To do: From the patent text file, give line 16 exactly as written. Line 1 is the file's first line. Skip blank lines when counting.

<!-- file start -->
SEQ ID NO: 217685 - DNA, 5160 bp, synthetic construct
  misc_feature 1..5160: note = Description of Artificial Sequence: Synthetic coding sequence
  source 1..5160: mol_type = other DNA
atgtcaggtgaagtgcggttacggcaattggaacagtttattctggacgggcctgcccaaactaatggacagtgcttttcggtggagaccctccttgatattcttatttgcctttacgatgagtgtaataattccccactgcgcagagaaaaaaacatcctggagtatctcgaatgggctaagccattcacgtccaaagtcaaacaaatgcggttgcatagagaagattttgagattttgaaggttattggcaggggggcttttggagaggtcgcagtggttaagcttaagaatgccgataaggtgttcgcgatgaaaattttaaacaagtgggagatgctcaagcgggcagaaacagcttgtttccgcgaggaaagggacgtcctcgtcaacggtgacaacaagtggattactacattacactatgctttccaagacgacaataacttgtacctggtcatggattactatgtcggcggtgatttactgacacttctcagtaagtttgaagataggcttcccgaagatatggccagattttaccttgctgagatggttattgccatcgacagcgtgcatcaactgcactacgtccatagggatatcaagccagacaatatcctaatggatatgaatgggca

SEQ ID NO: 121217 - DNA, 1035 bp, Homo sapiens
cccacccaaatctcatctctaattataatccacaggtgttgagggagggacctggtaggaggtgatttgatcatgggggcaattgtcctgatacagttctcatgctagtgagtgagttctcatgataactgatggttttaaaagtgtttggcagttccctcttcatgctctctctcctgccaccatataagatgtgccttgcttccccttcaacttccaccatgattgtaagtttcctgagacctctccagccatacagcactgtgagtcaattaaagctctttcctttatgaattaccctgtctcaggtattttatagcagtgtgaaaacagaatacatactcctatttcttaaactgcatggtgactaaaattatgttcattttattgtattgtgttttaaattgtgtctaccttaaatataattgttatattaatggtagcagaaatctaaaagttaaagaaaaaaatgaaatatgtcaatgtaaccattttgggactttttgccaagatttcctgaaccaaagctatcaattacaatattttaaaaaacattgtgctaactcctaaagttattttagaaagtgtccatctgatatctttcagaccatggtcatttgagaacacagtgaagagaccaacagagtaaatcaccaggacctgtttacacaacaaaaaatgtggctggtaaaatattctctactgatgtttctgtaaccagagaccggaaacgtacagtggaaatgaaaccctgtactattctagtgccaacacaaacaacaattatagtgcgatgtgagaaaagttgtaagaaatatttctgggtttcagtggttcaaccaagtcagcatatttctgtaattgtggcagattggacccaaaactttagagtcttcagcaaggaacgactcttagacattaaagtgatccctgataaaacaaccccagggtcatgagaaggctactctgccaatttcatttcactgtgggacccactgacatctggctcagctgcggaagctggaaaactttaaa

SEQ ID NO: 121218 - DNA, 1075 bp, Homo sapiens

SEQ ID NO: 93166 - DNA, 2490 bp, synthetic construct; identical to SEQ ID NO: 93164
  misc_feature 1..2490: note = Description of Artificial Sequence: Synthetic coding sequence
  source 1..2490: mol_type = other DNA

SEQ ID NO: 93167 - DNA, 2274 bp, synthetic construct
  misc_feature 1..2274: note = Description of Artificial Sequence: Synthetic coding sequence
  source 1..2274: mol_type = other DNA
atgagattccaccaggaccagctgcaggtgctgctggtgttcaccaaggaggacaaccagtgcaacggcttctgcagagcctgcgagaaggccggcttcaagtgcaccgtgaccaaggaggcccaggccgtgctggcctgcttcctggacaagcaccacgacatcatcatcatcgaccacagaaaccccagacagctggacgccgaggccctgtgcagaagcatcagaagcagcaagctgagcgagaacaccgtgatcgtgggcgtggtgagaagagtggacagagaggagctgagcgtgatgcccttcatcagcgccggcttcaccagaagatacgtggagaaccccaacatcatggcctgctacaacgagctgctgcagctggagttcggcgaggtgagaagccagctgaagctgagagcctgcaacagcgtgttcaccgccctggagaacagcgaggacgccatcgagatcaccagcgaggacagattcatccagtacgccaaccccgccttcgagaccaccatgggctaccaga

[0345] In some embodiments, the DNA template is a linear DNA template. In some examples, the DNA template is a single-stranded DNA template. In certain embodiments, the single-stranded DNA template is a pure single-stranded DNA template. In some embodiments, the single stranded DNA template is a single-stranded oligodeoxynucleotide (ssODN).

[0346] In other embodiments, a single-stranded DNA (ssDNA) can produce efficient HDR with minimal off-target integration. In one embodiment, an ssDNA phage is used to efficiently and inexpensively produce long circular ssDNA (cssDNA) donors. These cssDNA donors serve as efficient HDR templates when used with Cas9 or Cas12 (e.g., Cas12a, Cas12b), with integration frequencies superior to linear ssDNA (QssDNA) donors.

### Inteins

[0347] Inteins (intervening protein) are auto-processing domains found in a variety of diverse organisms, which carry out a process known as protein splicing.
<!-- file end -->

[0346] In other embodiments, a single-stranded DNA (ssDNA) can produce efficient HDR with minimal off-target integration. In one embodiment, an ssDNA phage is used to efficiently and inexpensively produce long circular ssDNA (cssDNA) donors. These cssDNA donors serve as efficient HDR templates when used with Cas9 or Cas12 (e.g., Cas12a, Cas12b), with integration frequencies superior to linear ssDNA (QssDNA) donors.